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Climate Change and Changing Tick Concerns for UK Cats and Dogs

A 2019 parliamentary briefing describes how changes in the climate may influence the types and distribution of organisms, such as ticks and mosquitoes that can spread disease. There are many factors that affect the spread of a species, but climate change is undoubtedly having a great impact. We have seen new varieties of ticks appear in the United Kingdom, along with changes in the occurrence of tick-borne diseases in our pets. The most likely reason for these changes are longer summer seasons. Warmer and wetter spring or autumn; enabling ticks to be active for longer and increasing the risk of disease spread. 

Tick Borne Diseases

Lyme disease is the most common disease in the UK spread by organisms. Public Health England estimates there to be 3,000 cases annually. The same ticks, Ixodes ricinus, that spread Lyme’s Disease are also capable of spreading Tick-Borne Encephalitis (TBE). Tick-Borne Encephalitis is caused by a virus that has been present in mainland Europe and Asia tick populations but never previously in the UK.

An October 2019 Public Health England statement announced the first detection of TBE in the UK. Most people who catch TBE will have non-specific flu-like symptoms or no symptoms at all, other people can progress to a more serious disease involving the central nervous system that rarely can be fatal.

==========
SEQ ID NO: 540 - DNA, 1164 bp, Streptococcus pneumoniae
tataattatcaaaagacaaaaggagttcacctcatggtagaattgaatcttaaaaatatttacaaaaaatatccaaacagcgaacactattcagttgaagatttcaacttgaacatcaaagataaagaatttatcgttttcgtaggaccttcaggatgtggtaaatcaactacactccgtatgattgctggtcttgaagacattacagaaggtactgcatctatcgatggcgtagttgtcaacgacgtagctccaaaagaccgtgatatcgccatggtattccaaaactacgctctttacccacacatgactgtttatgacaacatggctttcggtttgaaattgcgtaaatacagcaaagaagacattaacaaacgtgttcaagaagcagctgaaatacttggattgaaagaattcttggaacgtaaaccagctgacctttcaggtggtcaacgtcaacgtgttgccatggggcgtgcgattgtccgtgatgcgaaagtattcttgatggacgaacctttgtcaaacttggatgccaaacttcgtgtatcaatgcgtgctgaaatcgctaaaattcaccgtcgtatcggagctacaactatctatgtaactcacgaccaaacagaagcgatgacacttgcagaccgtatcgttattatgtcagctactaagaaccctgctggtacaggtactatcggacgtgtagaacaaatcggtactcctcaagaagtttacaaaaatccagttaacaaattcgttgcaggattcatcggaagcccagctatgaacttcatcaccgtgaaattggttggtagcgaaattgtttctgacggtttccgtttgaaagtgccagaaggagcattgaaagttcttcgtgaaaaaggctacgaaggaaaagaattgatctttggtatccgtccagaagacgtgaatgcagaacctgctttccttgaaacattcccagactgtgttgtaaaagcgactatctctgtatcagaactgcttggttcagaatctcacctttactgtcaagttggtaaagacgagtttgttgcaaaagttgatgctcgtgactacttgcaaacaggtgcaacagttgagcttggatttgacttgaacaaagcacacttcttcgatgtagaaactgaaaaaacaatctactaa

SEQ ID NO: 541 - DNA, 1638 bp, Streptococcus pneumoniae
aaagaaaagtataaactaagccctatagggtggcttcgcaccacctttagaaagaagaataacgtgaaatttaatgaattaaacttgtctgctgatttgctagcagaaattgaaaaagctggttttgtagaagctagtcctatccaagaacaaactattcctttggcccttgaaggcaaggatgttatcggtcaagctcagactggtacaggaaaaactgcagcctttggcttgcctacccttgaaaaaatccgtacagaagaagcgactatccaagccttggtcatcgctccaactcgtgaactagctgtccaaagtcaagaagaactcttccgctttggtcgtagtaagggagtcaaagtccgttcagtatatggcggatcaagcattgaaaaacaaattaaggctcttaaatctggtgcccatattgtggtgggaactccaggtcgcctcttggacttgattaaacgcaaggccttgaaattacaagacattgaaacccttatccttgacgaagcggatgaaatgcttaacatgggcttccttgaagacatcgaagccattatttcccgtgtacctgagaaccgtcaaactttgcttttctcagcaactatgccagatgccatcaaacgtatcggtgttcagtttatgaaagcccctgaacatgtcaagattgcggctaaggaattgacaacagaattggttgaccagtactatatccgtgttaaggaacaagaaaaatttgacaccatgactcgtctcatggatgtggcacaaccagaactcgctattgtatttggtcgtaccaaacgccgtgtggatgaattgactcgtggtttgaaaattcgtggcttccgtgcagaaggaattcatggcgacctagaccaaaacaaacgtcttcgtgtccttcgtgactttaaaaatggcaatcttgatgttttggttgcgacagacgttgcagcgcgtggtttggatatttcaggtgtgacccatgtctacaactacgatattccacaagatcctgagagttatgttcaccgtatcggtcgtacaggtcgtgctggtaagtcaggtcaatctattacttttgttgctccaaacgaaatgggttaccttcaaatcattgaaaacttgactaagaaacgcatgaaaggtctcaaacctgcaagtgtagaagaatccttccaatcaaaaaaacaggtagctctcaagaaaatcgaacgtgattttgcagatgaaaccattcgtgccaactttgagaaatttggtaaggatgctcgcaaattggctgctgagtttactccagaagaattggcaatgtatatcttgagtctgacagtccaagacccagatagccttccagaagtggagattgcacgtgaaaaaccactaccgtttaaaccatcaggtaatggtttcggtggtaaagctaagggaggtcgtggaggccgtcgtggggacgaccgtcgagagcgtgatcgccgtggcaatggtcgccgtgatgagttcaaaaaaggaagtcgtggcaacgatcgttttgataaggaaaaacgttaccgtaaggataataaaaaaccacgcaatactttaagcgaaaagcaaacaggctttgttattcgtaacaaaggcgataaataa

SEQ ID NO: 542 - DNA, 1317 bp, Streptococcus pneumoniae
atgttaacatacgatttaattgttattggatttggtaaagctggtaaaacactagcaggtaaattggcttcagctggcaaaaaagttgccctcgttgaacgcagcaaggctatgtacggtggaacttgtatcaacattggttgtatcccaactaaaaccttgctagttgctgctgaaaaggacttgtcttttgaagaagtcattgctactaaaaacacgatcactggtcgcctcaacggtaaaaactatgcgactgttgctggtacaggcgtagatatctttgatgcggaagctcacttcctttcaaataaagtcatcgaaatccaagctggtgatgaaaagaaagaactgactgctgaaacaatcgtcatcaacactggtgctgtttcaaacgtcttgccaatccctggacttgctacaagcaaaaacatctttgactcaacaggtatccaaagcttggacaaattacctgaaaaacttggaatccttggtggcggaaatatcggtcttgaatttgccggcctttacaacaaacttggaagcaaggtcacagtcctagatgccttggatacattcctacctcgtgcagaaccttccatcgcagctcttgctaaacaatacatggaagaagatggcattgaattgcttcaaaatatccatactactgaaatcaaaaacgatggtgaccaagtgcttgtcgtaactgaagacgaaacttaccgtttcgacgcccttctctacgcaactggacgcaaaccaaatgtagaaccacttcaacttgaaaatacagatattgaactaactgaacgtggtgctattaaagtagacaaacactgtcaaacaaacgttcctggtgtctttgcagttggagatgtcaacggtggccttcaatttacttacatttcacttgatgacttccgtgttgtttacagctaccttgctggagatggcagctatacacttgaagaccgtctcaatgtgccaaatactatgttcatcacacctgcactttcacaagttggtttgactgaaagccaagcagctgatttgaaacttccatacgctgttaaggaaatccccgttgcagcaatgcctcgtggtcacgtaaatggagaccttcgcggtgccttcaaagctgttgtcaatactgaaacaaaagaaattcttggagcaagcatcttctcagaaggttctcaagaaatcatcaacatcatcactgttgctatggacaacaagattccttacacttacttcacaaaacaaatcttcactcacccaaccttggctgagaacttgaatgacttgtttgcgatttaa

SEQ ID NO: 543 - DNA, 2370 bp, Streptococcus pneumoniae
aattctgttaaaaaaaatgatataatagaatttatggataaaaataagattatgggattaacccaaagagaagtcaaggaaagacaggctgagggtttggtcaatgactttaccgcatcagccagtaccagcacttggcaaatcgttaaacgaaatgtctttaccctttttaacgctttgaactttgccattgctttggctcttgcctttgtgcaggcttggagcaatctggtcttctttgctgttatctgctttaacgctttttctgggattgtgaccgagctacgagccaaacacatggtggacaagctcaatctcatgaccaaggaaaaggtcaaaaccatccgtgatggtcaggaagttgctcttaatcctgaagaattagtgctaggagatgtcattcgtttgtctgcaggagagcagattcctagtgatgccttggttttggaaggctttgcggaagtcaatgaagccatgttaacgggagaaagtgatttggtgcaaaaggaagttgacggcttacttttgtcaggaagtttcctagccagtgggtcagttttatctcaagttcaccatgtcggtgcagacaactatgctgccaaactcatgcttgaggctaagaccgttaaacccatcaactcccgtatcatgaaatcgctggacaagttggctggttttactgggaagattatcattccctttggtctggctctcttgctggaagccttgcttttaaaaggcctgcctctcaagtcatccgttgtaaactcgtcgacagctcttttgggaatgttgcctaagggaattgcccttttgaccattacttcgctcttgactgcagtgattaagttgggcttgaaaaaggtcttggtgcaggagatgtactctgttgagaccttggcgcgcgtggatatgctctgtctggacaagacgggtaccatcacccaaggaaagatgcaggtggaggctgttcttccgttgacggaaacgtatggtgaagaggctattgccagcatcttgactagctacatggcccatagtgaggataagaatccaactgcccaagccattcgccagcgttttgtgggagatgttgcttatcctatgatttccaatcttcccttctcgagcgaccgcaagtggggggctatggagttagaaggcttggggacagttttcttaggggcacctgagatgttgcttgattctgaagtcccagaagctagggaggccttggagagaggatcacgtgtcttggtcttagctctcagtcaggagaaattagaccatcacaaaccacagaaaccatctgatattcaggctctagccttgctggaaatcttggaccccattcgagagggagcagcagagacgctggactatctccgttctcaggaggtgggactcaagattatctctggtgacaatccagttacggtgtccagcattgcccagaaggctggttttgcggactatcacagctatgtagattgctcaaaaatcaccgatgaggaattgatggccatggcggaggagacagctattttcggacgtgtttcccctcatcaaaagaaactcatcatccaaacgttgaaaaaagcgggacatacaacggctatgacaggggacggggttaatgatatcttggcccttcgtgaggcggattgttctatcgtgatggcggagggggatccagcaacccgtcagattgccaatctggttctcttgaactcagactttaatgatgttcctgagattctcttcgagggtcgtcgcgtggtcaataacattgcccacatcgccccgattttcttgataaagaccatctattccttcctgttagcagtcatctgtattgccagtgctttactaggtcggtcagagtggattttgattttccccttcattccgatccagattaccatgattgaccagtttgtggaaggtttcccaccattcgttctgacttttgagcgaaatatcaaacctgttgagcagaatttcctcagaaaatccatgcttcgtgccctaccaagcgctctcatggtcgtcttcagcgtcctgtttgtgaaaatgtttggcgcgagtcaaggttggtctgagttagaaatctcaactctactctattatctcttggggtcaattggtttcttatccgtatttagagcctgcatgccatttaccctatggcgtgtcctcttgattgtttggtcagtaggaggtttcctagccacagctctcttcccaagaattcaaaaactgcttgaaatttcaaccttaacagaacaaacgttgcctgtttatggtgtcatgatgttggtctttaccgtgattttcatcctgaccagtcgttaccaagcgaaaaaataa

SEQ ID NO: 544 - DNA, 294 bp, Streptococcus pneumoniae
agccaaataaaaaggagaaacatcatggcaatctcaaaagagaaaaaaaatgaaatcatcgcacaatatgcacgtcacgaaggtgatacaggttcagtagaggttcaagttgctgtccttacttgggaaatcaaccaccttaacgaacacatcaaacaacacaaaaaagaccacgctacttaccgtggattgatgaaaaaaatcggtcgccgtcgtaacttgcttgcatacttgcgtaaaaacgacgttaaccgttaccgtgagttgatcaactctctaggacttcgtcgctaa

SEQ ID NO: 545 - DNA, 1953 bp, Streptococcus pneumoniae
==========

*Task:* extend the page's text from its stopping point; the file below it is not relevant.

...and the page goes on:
Dogs can not directly transmit the TBE virus to people however they can pick up the disease carrying ticks. Dogs are more resistant to the TBE virus than humans but when affected the symptoms are the same. 

Tick Protection

The best protection against all tick borne disease is to be aware of the risks ticks can pose and take preventative measures.

How to Protect Myself 

  • Stick to paths in peak tick season when visiting moorlands, woodlands and parks.
  • Avoid wearing sandals and having bare limbs in these types of areas.

How to Protect My Pet

  • If your pet is at risk of coming into contact with ticks ensure you are using regular parasite control products with action against ticks.
  • Regularly check your pet all over for the presence of ticks.
  • Have a tick remover ready to extract any that you see. It is important that ticks are removed with their mouthparts intact, otherwise they are still an infection risk. 

Read our guide on how to correctly remove ticks here. 

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Written by Lindsay Rose MA VetMB CertAVP CertVBM MRCVS

View our other blog posts to discover advice and tips from our vet team.

Visit Public Health England for further information.